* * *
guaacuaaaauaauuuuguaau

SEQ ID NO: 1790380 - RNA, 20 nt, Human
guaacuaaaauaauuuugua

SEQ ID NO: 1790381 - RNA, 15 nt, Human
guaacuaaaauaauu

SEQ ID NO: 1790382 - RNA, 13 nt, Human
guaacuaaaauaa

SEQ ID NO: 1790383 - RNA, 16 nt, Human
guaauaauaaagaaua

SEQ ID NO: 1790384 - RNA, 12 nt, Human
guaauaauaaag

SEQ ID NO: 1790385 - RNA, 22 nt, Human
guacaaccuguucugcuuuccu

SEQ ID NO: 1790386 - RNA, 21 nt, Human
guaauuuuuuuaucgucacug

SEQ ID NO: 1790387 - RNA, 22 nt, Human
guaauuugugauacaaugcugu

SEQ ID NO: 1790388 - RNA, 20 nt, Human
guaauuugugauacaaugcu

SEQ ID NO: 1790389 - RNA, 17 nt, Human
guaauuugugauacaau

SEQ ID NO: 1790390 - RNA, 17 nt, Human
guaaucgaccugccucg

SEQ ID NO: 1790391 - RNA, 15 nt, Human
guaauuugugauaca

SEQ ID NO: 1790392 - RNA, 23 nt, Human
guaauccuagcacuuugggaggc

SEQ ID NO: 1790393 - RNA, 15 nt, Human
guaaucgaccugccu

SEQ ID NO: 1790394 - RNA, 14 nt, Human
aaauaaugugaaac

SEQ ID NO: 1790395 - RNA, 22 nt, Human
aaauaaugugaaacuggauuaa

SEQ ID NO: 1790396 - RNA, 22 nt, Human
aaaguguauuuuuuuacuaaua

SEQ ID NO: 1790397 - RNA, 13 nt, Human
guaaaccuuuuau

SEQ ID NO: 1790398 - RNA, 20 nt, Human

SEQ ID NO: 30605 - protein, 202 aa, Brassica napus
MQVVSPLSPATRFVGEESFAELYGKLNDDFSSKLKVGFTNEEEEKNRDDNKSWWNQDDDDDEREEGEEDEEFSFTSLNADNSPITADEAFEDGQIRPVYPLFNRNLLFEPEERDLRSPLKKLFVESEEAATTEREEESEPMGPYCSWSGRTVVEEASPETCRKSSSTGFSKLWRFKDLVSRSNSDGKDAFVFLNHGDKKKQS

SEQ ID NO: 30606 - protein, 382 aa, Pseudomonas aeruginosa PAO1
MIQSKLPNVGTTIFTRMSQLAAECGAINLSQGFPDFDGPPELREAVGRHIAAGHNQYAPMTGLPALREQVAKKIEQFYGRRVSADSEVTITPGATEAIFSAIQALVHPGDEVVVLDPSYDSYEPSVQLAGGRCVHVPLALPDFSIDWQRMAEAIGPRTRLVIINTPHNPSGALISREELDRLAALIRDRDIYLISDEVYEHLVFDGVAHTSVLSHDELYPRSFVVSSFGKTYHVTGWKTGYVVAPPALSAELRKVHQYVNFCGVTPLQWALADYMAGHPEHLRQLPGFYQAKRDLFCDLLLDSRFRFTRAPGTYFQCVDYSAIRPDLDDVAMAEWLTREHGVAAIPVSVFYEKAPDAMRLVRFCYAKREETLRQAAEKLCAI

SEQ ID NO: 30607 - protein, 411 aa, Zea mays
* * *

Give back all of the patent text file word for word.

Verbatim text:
guaacuaaaauaauuuuguaau

SEQ ID NO: 1790380 - RNA, 20 nt, Human
guaacuaaaauaauuuugua

SEQ ID NO: 1790381 - RNA, 15 nt, Human
guaacuaaaauaauu

SEQ ID NO: 1790382 - RNA, 13 nt, Human
guaacuaaaauaa

SEQ ID NO: 1790383 - RNA, 16 nt, Human
guaauaauaaagaaua

SEQ ID NO: 1790384 - RNA, 12 nt, Human
guaauaauaaag

SEQ ID NO: 1790385 - RNA, 22 nt, Human
guacaaccuguucugcuuuccu

SEQ ID NO: 1790386 - RNA, 21 nt, Human
guaauuuuuuuaucgucacug

SEQ ID NO: 1790387 - RNA, 22 nt, Human
guaauuugugauacaaugcugu

SEQ ID NO: 1790388 - RNA, 20 nt, Human
guaauuugugauacaaugcu

SEQ ID NO: 1790389 - RNA, 17 nt, Human
guaauuugugauacaau

SEQ ID NO: 1790390 - RNA, 17 nt, Human
guaaucgaccugccucg

SEQ ID NO: 1790391 - RNA, 15 nt, Human
guaauuugugauaca

SEQ ID NO: 1790392 - RNA, 23 nt, Human
guaauccuagcacuuugggaggc

SEQ ID NO: 1790393 - RNA, 15 nt, Human
guaaucgaccugccu

SEQ ID NO: 1790394 - RNA, 14 nt, Human
aaauaaugugaaac

SEQ ID NO: 1790395 - RNA, 22 nt, Human
aaauaaugugaaacuggauuaa

SEQ ID NO: 1790396 - RNA, 22 nt, Human
aaaguguauuuuuuuacuaaua

SEQ ID NO: 1790397 - RNA, 13 nt, Human
guaaaccuuuuau

SEQ ID NO: 1790398 - RNA, 20 nt, Human

SEQ ID NO: 30605 - protein, 202 aa, Brassica napus
MQVVSPLSPATRFVGEESFAELYGKLNDDFSSKLKVGFTNEEEEKNRDDNKSWWNQDDDDDEREEGEEDEEFSFTSLNADNSPITADEAFEDGQIRPVYPLFNRNLLFEPEERDLRSPLKKLFVESEEAATTEREEESEPMGPYCSWSGRTVVEEASPETCRKSSSTGFSKLWRFKDLVSRSNSDGKDAFVFLNHGDKKKQS

SEQ ID NO: 30606 - protein, 382 aa, Pseudomonas aeruginosa PAO1
MIQSKLPNVGTTIFTRMSQLAAECGAINLSQGFPDFDGPPELREAVGRHIAAGHNQYAPMTGLPALREQVAKKIEQFYGRRVSADSEVTITPGATEAIFSAIQALVHPGDEVVVLDPSYDSYEPSVQLAGGRCVHVPLALPDFSIDWQRMAEAIGPRTRLVIINTPHNPSGALISREELDRLAALIRDRDIYLISDEVYEHLVFDGVAHTSVLSHDELYPRSFVVSSFGKTYHVTGWKTGYVVAPPALSAELRKVHQYVNFCGVTPLQWALADYMAGHPEHLRQLPGFYQAKRDLFCDLLLDSRFRFTRAPGTYFQCVDYSAIRPDLDDVAMAEWLTREHGVAAIPVSVFYEKAPDAMRLVRFCYAKREETLRQAAEKLCAI

SEQ ID NO: 30607 - protein, 411 aa, Zea mays